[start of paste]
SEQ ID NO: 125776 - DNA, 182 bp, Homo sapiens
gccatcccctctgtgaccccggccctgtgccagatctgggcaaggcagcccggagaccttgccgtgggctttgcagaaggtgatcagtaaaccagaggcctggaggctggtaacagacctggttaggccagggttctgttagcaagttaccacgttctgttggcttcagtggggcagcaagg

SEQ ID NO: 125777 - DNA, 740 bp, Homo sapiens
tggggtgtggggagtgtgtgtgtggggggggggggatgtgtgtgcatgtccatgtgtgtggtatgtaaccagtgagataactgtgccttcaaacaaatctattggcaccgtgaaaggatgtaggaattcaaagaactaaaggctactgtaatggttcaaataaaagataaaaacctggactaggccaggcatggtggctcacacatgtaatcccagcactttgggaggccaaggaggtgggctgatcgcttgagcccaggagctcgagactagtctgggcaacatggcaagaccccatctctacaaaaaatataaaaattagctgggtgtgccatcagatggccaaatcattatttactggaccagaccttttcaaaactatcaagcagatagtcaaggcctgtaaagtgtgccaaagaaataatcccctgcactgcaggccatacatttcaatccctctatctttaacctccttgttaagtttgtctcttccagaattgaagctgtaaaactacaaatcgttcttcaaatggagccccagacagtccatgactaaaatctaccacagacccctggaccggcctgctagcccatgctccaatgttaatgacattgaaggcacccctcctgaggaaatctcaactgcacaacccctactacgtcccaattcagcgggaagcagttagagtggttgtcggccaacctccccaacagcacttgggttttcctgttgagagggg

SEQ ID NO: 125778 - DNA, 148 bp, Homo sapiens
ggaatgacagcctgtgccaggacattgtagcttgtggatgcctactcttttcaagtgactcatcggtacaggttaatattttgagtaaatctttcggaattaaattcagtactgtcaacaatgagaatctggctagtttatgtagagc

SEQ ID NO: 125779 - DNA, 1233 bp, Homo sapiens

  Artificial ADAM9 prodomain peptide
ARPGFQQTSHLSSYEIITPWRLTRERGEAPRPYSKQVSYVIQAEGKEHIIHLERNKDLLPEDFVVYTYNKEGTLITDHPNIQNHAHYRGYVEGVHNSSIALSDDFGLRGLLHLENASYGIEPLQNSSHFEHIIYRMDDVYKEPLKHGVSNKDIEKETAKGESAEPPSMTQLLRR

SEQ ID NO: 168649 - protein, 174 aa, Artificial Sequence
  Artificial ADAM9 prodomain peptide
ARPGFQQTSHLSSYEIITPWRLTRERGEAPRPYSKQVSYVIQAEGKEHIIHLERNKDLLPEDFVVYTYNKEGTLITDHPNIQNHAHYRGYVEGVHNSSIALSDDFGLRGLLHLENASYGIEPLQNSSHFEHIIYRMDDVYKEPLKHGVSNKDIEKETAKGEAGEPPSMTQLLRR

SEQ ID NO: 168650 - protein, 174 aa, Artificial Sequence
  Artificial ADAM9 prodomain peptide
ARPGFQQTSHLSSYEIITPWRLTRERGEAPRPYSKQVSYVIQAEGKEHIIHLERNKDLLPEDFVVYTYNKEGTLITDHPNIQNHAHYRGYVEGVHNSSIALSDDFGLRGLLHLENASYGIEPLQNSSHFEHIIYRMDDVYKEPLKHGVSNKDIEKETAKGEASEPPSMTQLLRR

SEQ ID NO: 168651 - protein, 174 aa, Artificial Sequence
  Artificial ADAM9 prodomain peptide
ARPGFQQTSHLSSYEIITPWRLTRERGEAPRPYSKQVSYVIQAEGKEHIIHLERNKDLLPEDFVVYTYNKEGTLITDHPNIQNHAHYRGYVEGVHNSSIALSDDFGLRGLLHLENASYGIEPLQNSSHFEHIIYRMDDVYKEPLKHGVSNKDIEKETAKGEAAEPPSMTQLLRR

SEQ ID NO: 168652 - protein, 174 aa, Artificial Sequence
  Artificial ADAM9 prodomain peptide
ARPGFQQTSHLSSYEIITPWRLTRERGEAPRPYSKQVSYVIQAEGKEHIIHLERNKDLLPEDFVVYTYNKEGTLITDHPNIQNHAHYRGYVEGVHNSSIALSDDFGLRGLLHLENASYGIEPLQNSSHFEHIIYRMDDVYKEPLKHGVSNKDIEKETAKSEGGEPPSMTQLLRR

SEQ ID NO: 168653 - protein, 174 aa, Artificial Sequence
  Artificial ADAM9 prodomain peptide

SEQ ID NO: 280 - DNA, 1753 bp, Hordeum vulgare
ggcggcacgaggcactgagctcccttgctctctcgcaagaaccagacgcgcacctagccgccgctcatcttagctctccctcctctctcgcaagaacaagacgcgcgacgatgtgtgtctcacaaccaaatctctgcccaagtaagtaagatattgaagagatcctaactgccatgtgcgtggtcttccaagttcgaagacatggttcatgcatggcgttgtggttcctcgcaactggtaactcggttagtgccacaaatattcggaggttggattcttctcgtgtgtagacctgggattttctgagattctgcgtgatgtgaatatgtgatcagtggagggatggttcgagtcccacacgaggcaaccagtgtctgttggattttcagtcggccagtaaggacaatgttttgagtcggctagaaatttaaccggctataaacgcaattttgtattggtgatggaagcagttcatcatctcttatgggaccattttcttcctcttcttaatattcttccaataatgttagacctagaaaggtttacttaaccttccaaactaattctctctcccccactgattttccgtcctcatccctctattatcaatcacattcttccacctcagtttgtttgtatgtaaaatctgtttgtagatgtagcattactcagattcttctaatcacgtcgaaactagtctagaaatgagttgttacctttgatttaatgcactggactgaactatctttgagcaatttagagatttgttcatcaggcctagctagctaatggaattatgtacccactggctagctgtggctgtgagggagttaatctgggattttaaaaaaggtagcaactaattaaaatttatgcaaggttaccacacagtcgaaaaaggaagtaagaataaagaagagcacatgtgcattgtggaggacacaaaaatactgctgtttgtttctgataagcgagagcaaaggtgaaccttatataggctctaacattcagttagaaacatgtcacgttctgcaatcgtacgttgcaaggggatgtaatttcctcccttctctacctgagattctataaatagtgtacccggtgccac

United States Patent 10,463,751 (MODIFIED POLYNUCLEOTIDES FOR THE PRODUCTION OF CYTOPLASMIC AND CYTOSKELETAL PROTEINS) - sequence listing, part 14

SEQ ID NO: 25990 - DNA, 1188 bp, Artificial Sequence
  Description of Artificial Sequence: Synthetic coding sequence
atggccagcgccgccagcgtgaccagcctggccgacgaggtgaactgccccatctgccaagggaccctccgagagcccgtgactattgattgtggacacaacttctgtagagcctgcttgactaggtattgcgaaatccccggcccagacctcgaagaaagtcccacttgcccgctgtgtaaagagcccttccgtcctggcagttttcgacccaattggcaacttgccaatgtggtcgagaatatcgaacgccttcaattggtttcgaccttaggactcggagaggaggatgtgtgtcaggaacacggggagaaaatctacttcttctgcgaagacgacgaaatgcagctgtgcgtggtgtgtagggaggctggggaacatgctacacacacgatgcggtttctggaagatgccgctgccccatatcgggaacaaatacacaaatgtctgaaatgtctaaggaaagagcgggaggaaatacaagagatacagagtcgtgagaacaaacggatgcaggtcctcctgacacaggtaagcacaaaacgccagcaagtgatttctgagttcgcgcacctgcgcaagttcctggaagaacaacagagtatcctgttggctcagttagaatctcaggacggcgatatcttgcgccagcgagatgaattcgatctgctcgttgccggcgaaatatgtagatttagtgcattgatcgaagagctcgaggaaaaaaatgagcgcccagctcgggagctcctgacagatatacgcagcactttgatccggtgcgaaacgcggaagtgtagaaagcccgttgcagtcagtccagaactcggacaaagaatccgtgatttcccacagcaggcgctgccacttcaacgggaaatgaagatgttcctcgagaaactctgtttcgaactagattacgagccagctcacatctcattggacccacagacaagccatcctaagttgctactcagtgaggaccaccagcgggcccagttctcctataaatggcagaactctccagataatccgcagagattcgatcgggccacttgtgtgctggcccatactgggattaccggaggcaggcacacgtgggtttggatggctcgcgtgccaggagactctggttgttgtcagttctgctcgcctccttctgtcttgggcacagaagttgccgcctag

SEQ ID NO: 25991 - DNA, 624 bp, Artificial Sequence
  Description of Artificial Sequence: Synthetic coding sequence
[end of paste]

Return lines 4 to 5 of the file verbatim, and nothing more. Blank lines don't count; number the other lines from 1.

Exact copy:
tggggtgtggggagtgtgtgtgtggggggggggggatgtgtgtgcatgtccatgtgtgtggtatgtaaccagtgagataactgtgccttcaaacaaatctattggcaccgtgaaaggatgtaggaattcaaagaactaaaggctactgtaatggttcaaataaaagataaaaacctggactaggccaggcatggtggctcacacatgtaatcccagcactttgggaggccaaggaggtgggctgatcgcttgagcccaggagctcgagactagtctgggcaacatggcaagaccccatctctacaaaaaatataaaaattagctgggtgtgccatcagatggccaaatcattatttactggaccagaccttttcaaaactatcaagcagatagtcaaggcctgtaaagtgtgccaaagaaataatcccctgcactgcaggccatacatttcaatccctctatctttaacctccttgttaagtttgtctcttccagaattgaagctgtaaaactacaaatcgttcttcaaatggagccccagacagtccatgactaaaatctaccacagacccctggaccggcctgctagcccatgctccaatgttaatgacattgaaggcacccctcctgaggaaatctcaactgcacaacccctactacgtcccaattcagcgggaagcagttagagtggttgtcggccaacctccccaacagcacttgggttttcctgttgagagggg

SEQ ID NO: 125778 - DNA, 148 bp, Homo sapiens